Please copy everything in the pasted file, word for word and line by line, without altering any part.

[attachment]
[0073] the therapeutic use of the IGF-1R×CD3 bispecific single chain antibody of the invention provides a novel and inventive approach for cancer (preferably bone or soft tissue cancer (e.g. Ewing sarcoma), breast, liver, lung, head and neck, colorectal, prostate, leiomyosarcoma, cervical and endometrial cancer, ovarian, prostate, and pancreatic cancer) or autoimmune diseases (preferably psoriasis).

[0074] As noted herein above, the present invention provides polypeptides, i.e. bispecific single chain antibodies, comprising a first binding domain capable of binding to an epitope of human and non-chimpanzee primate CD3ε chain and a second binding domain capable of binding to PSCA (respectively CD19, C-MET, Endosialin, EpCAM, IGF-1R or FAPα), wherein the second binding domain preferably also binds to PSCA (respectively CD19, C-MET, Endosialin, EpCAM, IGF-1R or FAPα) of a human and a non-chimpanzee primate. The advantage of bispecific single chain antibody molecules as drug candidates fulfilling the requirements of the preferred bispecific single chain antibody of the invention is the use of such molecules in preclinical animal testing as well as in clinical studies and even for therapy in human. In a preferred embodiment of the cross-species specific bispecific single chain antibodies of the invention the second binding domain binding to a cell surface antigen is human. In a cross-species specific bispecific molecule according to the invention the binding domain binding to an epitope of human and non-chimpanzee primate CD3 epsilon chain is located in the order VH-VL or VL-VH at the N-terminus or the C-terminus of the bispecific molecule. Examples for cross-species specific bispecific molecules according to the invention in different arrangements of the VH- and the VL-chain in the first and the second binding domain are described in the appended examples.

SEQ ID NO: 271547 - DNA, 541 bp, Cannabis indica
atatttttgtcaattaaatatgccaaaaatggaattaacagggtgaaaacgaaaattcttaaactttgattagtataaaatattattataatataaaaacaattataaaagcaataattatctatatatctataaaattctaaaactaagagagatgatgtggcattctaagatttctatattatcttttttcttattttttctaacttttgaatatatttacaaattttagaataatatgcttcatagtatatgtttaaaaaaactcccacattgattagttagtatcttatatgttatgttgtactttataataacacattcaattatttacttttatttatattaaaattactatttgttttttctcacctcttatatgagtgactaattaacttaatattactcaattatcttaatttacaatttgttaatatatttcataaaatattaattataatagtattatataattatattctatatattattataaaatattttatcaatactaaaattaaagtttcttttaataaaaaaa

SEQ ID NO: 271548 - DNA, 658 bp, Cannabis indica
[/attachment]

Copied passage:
[0073] the therapeutic use of the IGF-1R×CD3 bispecific single chain antibody of the invention provides a novel and inventive approach for cancer (preferably bone or soft tissue cancer (e.g. Ewing sarcoma), breast, liver, lung, head and neck, colorectal, prostate, leiomyosarcoma, cervical and endometrial cancer, ovarian, prostate, and pancreatic cancer) or autoimmune diseases (preferably psoriasis).

[0074] As noted herein above, the present invention provides polypeptides, i.e. bispecific single chain antibodies, comprising a first binding domain capable of binding to an epitope of human and non-chimpanzee primate CD3ε chain and a second binding domain capable of binding to PSCA (respectively CD19, C-MET, Endosialin, EpCAM, IGF-1R or FAPα), wherein the second binding domain preferably also binds to PSCA (respectively CD19, C-MET, Endosialin, EpCAM, IGF-1R or FAPα) of a human and a non-chimpanzee primate. The advantage of bispecific single chain antibody molecules as drug candidates fulfilling the requirements of the preferred bispecific single chain antibody of the invention is the use of such molecules in preclinical animal testing as well as in clinical studies and even for therapy in human. In a preferred embodiment of the cross-species specific bispecific single chain antibodies of the invention the second binding domain binding to a cell surface antigen is human. In a cross-species specific bispecific molecule according to the invention the binding domain binding to an epitope of human and non-chimpanzee primate CD3 epsilon chain is located in the order VH-VL or VL-VH at the N-terminus or the C-terminus of the bispecific molecule. Examples for cross-species specific bispecific molecules according to the invention in different arrangements of the VH- and the VL-chain in the first and the second binding domain are described in the appended examples.

SEQ ID NO: 271547 - DNA, 541 bp, Cannabis indica
atatttttgtcaattaaatatgccaaaaatggaattaacagggtgaaaacgaaaattcttaaactttgattagtataaaatattattataatataaaaacaattataaaagcaataattatctatatatctataaaattctaaaactaagagagatgatgtggcattctaagatttctatattatcttttttcttattttttctaacttttgaatatatttacaaattttagaataatatgcttcatagtatatgtttaaaaaaactcccacattgattagttagtatcttatatgttatgttgtactttataataacacattcaattatttacttttatttatattaaaattactatttgttttttctcacctcttatatgagtgactaattaacttaatattactcaattatcttaatttacaatttgttaatatatttcataaaatattaattataatagtattatataattatattctatatattattataaaatattttatcaatactaaaattaaagtttcttttaataaaaaaa

SEQ ID NO: 271548 - DNA, 658 bp, Cannabis indica